Have you ever heard of the abandoned wave machine in the Seven Seas Lagoon? Maybe you’ve seen remnants of a rock wall on a small island near the Polynesian Resort? In 1971, there was a wave machine built in the lagoon that was meant to allow guests to surf on the lake with real waves. The wave machine worked, but was later abandoned. Find out why by reading below!
When the Polynesian Resort was being constructed in 1971, the Vice President of Park Operations (Dick Nunis) came up with an idea. He wanted to add surfing as a recreational activity for guests. Before the creation of Walt Disney World, tourists visited Florida for one primary reason: the beaches. Disney wanted to be able to compete with the miles and miles of existing beaches, and they believed outdoor recreation was the key! (Surfing was not the only recreation idea – they also wanted guests to go sailing, boating, and hiking on Walt Disney World property).
There were a few initial issues with installing a wave machine in the Seven Seas Lagoon. First of all, the wave machine would have to be installed before the manmade lagoon was filled with water. Additionally, a cove area would have to be carved out just down the beach from the Polynesian that was within walking distance and had the proper conditions for surfing. The other main issue was money. The costs of Walt Disney World were already extremely high, and finding an additional half million dollars was going to be difficult.
Dick would not take no, and with the help of some senior managers at WED and even Roy Disney, he was able to secure the funds and the wave machine was installed on Beachcomber Island.
In 1971, the wave machine was tested for the first time, and it worked! It created amazing waves for guests to ride. Dick Nunis even tested the machine sometime in 1972, meaning the wave machine was up and running for over a year.
However, this was not without cost. The wave machine had three problems that Disney did not expect. First of all, the Seven Seas Lagoon and the beaches suffered from severe erosion. The wave machine did such a good job of creating ocean like waves that the manmade beaches could not withstand the force.
Another issue was the transportation around the lagoon. The wave machine made it very difficult to operate watercraft in and around the Polynesian docks, specifically the Southern Seas. The Southern Seas was the 100 foot long side steamship used to transport guests from 1971 to 1975. It was incredibly vulnerable to the rolling waves coming off of Beachcomber cove and made it difficult for the captains to navigate the area.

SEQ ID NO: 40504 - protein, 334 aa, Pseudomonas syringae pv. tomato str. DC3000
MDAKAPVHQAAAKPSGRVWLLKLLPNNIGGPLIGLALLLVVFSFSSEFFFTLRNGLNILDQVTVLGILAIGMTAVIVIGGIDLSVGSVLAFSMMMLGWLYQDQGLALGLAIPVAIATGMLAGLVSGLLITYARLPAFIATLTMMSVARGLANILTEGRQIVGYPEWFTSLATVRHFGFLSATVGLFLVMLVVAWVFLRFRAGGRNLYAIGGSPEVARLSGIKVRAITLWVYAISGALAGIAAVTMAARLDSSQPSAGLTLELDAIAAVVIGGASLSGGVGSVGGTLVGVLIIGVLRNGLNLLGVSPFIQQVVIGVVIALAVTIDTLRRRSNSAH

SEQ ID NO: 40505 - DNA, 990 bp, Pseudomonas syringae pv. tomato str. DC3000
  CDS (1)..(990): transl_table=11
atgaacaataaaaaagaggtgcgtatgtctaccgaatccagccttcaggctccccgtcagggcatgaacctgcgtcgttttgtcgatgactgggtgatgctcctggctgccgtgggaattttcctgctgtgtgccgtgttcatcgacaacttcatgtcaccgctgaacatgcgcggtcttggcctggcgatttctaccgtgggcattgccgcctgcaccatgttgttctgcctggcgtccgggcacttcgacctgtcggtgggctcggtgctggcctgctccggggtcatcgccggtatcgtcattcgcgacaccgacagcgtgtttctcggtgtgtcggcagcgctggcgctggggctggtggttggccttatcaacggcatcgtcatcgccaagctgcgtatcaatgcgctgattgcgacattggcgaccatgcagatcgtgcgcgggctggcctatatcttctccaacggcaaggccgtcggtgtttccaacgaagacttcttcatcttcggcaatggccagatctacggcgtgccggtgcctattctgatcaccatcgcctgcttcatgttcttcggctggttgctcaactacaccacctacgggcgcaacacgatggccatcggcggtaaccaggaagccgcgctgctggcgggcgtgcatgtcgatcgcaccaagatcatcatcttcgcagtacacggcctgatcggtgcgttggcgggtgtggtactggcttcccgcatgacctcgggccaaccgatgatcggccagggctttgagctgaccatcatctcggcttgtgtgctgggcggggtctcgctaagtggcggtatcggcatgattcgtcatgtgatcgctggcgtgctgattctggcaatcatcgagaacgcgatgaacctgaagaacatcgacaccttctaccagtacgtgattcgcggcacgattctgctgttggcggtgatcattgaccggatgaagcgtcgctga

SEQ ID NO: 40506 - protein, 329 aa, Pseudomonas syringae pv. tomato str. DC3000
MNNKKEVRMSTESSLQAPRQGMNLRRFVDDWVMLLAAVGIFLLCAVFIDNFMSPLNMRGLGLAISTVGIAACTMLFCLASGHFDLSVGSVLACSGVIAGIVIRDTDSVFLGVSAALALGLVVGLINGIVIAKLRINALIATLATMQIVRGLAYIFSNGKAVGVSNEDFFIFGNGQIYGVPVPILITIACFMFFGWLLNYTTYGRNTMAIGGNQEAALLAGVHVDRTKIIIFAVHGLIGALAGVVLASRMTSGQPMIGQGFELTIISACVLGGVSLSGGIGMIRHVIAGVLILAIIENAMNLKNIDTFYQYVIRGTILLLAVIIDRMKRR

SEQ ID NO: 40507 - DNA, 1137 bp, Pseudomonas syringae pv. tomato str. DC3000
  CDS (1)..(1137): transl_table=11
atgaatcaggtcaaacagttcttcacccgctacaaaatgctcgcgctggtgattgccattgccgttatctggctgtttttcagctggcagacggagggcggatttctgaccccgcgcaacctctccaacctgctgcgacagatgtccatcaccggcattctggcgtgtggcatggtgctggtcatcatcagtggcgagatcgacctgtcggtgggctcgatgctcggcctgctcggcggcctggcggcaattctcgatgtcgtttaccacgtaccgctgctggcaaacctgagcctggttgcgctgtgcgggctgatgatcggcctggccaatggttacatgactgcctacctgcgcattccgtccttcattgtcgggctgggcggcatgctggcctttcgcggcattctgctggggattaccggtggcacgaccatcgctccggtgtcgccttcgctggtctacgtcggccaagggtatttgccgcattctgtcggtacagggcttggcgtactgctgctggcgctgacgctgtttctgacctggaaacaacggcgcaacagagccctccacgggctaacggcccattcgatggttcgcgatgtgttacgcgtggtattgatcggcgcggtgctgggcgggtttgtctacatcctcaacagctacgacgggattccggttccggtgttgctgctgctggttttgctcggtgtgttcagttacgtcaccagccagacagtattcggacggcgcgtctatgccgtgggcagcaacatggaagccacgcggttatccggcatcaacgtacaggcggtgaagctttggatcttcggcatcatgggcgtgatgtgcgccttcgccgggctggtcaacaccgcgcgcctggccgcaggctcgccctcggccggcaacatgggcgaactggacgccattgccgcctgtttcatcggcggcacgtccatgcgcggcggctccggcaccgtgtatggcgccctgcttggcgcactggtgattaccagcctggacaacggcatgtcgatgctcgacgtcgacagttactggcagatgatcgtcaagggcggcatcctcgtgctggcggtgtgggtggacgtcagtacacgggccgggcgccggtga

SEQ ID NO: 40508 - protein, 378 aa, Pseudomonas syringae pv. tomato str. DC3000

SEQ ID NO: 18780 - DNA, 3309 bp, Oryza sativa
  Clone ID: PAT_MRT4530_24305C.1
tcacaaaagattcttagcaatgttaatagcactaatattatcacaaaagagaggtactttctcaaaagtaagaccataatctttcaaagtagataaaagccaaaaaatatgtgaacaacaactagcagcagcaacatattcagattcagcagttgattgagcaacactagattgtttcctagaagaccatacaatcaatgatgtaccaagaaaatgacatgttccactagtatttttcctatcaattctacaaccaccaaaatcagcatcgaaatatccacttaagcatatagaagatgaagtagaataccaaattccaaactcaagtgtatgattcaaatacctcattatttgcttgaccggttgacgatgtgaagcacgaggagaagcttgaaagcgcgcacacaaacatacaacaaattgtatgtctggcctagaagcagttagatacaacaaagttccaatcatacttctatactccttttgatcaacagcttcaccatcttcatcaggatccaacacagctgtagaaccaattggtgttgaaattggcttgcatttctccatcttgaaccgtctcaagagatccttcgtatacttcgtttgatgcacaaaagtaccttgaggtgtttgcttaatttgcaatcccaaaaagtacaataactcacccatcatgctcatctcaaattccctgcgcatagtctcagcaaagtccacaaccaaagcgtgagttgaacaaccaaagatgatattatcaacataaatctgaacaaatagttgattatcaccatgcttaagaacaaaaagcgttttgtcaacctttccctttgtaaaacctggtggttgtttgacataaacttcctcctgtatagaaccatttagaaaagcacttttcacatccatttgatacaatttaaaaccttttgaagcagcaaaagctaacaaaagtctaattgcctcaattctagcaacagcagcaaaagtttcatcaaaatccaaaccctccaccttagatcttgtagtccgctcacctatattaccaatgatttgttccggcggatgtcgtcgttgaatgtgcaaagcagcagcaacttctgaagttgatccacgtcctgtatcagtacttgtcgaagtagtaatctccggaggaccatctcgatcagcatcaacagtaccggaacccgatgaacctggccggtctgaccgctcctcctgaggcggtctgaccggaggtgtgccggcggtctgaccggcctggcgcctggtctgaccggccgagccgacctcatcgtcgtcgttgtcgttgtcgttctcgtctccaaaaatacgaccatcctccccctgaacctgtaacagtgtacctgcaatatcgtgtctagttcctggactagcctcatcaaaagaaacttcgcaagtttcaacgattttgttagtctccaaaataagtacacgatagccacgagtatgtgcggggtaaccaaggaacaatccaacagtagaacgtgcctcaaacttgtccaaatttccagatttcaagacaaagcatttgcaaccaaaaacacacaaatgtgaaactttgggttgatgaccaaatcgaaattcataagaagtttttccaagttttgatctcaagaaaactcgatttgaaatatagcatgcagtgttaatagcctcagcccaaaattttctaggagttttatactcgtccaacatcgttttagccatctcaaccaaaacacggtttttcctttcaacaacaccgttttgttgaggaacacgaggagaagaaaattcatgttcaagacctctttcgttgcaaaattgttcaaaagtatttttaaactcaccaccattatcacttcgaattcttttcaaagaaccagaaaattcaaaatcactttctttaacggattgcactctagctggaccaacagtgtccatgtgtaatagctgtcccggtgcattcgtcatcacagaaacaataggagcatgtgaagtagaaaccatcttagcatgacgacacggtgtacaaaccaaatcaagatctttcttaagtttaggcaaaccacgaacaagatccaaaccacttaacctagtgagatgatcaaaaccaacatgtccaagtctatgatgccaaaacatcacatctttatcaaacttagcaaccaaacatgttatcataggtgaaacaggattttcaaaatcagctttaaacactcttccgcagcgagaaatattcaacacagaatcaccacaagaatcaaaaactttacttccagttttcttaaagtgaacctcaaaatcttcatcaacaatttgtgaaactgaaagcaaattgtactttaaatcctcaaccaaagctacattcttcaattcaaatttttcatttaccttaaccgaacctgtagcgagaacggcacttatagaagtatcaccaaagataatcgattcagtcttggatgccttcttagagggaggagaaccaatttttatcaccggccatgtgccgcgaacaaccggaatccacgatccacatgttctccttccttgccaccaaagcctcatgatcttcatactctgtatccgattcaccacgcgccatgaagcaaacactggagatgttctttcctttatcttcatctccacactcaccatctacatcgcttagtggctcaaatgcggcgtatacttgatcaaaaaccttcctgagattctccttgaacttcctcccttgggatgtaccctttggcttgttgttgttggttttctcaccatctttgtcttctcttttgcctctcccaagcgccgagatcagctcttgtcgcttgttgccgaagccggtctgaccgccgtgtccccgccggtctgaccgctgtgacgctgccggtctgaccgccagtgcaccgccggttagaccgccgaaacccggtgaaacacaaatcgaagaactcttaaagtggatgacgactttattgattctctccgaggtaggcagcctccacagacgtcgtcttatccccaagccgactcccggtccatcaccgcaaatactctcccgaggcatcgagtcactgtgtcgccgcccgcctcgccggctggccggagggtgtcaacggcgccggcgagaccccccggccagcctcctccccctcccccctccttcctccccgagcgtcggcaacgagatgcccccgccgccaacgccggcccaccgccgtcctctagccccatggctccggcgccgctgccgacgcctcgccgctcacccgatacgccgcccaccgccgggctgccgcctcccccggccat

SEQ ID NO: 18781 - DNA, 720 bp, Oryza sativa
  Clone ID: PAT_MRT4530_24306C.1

There were also reports that the wave machine machinery failed often, and the wave machine could only run for a few hours at a time. The three issues combined led to the closure and abandonment of the wave machine soon after its opening.
The wave machine sat unused and abandoned for almost 15 years. In 1985, before Disney invested in removing the machine, it was tested again. They hoped the lagoon and beaches may have “set” and erosion would not be a concern, as the lagoon had now been filled for 15 years. However, the tests were short lived and it was determined that this was not the case.
The wave machine was eventually removed, and today the only remains that can be seen are a small brick wall bordering the island. Rumors have it that under the water still remains portions of the wave machine, left to rot.
The concept for the wave machine was not forgotten. When Typhoon lagoon opened in 1989, it included a 2.7 million gallon wave pool and early morning surfing lessons!
If you have any more pictures or memories of the wave machine, let us know in the comments or send us an email at firstname.lastname@example.org
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